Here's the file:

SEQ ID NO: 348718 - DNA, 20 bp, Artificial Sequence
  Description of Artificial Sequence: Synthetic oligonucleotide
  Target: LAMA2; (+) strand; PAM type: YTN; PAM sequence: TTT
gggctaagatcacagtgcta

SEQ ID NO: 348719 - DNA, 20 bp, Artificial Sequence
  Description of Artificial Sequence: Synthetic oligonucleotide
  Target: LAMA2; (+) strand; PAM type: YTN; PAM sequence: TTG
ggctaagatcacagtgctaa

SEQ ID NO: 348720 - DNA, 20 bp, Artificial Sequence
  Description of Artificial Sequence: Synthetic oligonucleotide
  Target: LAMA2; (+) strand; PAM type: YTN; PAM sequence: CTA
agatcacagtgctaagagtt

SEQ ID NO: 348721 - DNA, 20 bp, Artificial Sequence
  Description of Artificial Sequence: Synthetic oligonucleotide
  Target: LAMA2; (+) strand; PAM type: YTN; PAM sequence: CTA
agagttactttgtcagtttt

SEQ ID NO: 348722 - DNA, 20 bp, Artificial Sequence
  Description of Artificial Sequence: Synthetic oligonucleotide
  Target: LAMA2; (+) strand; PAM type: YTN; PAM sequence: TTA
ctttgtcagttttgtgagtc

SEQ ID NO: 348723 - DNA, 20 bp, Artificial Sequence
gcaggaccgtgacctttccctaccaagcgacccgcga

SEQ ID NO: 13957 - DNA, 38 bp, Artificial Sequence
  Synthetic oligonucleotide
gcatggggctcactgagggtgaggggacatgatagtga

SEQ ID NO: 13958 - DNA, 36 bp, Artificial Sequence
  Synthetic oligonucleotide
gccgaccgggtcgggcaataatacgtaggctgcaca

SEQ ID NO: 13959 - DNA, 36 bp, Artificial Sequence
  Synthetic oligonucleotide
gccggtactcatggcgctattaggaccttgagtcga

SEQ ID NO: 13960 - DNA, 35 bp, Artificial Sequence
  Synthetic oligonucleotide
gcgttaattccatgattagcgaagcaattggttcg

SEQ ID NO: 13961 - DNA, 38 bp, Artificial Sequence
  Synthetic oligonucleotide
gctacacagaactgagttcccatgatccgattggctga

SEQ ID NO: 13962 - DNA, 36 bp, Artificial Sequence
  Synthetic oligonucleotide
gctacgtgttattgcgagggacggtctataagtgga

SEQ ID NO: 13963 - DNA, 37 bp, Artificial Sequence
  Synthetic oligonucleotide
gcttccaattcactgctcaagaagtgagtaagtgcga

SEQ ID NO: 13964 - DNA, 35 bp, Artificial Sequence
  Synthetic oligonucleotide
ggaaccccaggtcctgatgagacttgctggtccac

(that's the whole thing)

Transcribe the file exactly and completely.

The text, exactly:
SEQ ID NO: 348718 - DNA, 20 bp, Artificial Sequence
  Description of Artificial Sequence: Synthetic oligonucleotide
  Target: LAMA2; (+) strand; PAM type: YTN; PAM sequence: TTT
gggctaagatcacagtgcta

SEQ ID NO: 348719 - DNA, 20 bp, Artificial Sequence
  Description of Artificial Sequence: Synthetic oligonucleotide
  Target: LAMA2; (+) strand; PAM type: YTN; PAM sequence: TTG
ggctaagatcacagtgctaa

SEQ ID NO: 348720 - DNA, 20 bp, Artificial Sequence
  Description of Artificial Sequence: Synthetic oligonucleotide
  Target: LAMA2; (+) strand; PAM type: YTN; PAM sequence: CTA
agatcacagtgctaagagtt

SEQ ID NO: 348721 - DNA, 20 bp, Artificial Sequence
  Description of Artificial Sequence: Synthetic oligonucleotide
  Target: LAMA2; (+) strand; PAM type: YTN; PAM sequence: CTA
agagttactttgtcagtttt

SEQ ID NO: 348722 - DNA, 20 bp, Artificial Sequence
  Description of Artificial Sequence: Synthetic oligonucleotide
  Target: LAMA2; (+) strand; PAM type: YTN; PAM sequence: TTA
ctttgtcagttttgtgagtc

SEQ ID NO: 348723 - DNA, 20 bp, Artificial Sequence
gcaggaccgtgacctttccctaccaagcgacccgcga

SEQ ID NO: 13957 - DNA, 38 bp, Artificial Sequence
  Synthetic oligonucleotide
gcatggggctcactgagggtgaggggacatgatagtga

SEQ ID NO: 13958 - DNA, 36 bp, Artificial Sequence
  Synthetic oligonucleotide
gccgaccgggtcgggcaataatacgtaggctgcaca

SEQ ID NO: 13959 - DNA, 36 bp, Artificial Sequence
  Synthetic oligonucleotide
gccggtactcatggcgctattaggaccttgagtcga

SEQ ID NO: 13960 - DNA, 35 bp, Artificial Sequence
  Synthetic oligonucleotide
gcgttaattccatgattagcgaagcaattggttcg

SEQ ID NO: 13961 - DNA, 38 bp, Artificial Sequence
  Synthetic oligonucleotide
gctacacagaactgagttcccatgatccgattggctga

SEQ ID NO: 13962 - DNA, 36 bp, Artificial Sequence
  Synthetic oligonucleotide
gctacgtgttattgcgagggacggtctataagtgga

SEQ ID NO: 13963 - DNA, 37 bp, Artificial Sequence
  Synthetic oligonucleotide
gcttccaattcactgctcaagaagtgagtaagtgcga

SEQ ID NO: 13964 - DNA, 35 bp, Artificial Sequence
  Synthetic oligonucleotide
ggaaccccaggtcctgatgagacttgctggtccac